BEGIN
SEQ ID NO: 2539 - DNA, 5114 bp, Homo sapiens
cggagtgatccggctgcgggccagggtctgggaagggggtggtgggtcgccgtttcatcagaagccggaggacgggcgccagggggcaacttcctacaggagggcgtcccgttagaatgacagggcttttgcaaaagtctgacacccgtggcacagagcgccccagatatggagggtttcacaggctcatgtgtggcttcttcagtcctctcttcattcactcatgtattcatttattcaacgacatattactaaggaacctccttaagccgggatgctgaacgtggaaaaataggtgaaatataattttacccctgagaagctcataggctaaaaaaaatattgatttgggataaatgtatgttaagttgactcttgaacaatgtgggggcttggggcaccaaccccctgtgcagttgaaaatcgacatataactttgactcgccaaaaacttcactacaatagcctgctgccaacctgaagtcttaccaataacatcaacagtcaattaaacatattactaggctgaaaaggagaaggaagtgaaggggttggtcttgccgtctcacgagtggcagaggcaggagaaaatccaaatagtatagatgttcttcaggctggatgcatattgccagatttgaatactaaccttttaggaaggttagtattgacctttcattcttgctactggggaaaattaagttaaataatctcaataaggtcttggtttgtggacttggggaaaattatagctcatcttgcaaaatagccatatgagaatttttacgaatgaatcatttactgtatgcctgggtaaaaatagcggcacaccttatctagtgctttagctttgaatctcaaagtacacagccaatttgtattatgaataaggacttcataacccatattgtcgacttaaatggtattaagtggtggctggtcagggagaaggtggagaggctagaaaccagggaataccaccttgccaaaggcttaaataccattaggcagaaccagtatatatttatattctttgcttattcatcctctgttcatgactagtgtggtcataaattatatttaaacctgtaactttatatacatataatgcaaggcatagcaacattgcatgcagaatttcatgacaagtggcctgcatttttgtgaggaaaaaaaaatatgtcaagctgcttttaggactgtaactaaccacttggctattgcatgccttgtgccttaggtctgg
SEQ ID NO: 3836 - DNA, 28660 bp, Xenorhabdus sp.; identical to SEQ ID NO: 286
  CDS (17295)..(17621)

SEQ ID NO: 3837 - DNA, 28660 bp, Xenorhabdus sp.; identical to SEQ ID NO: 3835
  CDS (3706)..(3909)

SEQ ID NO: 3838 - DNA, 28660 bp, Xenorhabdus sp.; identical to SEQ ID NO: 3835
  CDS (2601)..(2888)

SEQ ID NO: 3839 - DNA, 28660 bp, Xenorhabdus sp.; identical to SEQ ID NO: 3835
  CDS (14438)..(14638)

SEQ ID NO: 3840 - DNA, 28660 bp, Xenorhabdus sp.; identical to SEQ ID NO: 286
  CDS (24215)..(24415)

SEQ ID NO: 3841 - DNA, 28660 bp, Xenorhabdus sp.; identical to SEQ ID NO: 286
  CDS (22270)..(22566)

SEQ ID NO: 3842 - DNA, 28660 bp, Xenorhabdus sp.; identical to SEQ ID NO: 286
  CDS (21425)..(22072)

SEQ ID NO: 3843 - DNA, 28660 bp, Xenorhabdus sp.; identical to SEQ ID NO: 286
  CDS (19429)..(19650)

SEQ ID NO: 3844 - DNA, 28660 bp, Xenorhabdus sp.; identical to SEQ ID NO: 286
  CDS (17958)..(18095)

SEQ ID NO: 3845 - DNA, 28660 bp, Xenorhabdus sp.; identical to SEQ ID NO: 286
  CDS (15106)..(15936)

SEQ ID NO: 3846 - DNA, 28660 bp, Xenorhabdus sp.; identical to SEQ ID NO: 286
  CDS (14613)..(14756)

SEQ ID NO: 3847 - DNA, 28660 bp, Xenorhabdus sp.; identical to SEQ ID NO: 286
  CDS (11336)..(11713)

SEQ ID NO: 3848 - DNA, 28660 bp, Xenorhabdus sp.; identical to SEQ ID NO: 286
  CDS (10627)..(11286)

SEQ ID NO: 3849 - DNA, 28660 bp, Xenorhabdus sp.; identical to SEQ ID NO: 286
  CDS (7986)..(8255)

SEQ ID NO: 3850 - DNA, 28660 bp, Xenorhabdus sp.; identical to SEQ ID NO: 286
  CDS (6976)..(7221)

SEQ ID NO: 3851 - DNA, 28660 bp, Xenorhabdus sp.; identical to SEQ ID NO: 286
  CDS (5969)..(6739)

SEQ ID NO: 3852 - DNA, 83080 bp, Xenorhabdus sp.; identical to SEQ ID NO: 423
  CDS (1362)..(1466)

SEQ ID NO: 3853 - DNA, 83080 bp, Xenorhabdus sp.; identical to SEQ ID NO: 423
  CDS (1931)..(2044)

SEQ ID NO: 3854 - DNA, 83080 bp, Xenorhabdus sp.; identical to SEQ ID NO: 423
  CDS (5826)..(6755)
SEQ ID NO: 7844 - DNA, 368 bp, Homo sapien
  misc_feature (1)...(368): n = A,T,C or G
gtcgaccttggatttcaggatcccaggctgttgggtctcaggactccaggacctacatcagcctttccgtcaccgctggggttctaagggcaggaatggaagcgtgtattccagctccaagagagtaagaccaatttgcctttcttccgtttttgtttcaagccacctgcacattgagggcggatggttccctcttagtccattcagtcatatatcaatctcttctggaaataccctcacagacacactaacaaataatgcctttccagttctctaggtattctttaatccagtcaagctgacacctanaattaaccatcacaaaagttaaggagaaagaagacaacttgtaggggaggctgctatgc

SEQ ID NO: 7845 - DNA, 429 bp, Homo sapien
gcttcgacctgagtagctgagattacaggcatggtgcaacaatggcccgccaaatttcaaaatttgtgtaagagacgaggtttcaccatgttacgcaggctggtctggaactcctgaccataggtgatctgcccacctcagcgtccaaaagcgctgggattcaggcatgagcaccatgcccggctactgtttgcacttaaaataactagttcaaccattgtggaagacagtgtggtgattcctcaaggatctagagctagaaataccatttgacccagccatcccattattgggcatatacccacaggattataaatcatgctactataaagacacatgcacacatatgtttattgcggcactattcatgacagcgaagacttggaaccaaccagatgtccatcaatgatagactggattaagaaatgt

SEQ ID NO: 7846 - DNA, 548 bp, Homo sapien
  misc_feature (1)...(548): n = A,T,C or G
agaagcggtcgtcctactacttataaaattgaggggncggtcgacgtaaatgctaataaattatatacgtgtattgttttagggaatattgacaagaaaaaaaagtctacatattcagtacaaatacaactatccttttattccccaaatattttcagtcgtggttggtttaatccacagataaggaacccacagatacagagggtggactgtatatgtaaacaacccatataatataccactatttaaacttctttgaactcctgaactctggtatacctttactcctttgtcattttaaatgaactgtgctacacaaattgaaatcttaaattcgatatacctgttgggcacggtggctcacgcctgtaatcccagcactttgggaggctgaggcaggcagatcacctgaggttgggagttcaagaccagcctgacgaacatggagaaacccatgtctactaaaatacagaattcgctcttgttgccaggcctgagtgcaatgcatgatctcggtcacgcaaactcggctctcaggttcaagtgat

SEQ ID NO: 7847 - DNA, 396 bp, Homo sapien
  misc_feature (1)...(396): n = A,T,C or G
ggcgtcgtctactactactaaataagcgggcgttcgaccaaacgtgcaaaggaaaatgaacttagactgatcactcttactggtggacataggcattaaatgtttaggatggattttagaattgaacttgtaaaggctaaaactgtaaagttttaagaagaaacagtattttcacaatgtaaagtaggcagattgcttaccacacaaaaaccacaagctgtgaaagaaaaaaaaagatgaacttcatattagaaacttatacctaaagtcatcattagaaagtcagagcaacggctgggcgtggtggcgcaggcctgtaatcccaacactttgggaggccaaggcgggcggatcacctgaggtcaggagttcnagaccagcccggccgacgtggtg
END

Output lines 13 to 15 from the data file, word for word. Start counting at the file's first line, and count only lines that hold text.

SEQ ID NO: 3841 - DNA, 28660 bp, Xenorhabdus sp.; identical to SEQ ID NO: 286
  CDS (22270)..(22566)

SEQ ID NO: 3842 - DNA, 28660 bp, Xenorhabdus sp.; identical to SEQ ID NO: 286